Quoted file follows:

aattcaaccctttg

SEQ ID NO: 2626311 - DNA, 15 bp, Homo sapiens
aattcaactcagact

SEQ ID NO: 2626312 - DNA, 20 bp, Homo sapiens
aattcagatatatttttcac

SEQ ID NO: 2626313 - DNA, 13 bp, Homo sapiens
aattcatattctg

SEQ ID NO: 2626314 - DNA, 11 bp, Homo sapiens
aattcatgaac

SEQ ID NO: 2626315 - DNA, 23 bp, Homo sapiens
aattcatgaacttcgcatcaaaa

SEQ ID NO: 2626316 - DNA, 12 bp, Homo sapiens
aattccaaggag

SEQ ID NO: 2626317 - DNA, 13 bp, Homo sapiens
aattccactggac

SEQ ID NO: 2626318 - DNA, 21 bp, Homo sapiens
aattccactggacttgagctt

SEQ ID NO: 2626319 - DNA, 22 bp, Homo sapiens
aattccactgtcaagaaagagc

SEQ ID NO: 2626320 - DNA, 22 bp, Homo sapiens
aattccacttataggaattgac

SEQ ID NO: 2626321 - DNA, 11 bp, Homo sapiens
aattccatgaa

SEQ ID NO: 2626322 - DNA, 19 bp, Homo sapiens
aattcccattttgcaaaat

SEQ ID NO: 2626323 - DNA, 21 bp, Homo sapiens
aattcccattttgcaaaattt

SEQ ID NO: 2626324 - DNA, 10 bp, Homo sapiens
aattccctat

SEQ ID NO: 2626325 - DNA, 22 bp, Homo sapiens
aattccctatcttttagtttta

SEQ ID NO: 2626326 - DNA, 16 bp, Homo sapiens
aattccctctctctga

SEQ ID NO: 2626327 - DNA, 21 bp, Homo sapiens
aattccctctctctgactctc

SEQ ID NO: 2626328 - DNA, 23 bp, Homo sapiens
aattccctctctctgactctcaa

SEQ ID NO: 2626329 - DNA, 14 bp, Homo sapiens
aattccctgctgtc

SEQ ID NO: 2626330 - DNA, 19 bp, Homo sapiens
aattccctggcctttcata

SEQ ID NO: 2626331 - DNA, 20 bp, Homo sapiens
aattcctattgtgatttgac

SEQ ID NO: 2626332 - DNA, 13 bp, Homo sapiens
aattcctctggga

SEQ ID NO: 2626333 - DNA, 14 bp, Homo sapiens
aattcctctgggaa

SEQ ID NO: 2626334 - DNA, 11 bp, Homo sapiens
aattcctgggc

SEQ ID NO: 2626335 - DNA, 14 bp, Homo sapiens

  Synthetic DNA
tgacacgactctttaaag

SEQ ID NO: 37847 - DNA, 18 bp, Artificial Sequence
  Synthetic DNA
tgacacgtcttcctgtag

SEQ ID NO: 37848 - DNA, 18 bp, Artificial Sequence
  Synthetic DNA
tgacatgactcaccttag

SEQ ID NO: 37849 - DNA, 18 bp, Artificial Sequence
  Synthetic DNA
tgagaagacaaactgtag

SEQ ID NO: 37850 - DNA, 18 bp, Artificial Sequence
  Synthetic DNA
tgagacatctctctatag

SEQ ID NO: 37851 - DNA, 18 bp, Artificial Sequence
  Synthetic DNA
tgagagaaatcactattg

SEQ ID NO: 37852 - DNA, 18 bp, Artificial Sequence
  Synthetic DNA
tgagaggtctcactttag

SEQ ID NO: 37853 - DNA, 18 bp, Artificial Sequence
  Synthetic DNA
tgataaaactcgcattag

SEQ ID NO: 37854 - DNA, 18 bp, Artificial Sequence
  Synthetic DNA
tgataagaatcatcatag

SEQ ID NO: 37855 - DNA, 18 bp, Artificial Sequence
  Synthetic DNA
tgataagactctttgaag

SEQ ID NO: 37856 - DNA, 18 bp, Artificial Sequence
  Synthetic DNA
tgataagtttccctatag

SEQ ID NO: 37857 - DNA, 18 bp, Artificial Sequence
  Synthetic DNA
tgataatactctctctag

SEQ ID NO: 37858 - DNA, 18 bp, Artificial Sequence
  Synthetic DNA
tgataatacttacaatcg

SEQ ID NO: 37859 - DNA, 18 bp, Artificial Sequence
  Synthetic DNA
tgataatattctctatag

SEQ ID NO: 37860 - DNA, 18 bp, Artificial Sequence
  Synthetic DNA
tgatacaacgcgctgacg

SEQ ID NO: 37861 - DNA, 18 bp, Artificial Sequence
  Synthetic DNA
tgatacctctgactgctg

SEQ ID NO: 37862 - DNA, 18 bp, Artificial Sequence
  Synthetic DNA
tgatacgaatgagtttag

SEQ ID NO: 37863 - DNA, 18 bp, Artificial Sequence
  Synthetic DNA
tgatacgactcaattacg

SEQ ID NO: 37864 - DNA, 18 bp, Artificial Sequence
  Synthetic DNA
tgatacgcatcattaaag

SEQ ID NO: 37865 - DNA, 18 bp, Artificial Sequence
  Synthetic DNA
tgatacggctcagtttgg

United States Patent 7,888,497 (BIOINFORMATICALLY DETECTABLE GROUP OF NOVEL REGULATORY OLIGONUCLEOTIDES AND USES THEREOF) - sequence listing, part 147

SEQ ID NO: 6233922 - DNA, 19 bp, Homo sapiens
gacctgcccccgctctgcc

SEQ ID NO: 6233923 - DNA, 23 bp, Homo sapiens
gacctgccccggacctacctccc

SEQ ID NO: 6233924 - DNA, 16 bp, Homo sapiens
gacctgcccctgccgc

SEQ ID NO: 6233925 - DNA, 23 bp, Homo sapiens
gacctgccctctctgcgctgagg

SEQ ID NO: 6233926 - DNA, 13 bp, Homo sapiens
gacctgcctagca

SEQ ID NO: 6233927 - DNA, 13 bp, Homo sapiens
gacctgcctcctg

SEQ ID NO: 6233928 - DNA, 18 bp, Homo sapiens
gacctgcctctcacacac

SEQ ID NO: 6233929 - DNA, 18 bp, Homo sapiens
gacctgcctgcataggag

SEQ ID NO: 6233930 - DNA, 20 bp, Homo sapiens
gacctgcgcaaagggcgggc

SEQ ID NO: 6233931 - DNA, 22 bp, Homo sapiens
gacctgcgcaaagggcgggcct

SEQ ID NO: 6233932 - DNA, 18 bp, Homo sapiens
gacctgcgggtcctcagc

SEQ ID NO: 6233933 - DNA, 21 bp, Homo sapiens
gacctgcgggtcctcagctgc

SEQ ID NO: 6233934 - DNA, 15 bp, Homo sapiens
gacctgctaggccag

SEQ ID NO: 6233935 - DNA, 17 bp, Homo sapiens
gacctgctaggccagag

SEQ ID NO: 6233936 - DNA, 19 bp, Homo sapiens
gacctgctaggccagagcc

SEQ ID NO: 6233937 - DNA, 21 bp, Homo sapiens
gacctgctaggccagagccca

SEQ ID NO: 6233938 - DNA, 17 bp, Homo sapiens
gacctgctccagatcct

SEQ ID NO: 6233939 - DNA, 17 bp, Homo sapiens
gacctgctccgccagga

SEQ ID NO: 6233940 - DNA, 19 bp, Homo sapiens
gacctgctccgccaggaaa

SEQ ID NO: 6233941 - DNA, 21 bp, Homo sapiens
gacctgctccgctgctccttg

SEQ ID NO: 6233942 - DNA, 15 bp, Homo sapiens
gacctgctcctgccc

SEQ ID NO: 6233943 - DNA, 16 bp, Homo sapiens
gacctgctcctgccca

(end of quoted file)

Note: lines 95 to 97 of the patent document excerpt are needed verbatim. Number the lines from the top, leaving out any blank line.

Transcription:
SEQ ID NO: 37861 - DNA, 18 bp, Artificial Sequence
  Synthetic DNA
tgatacctctgactgctg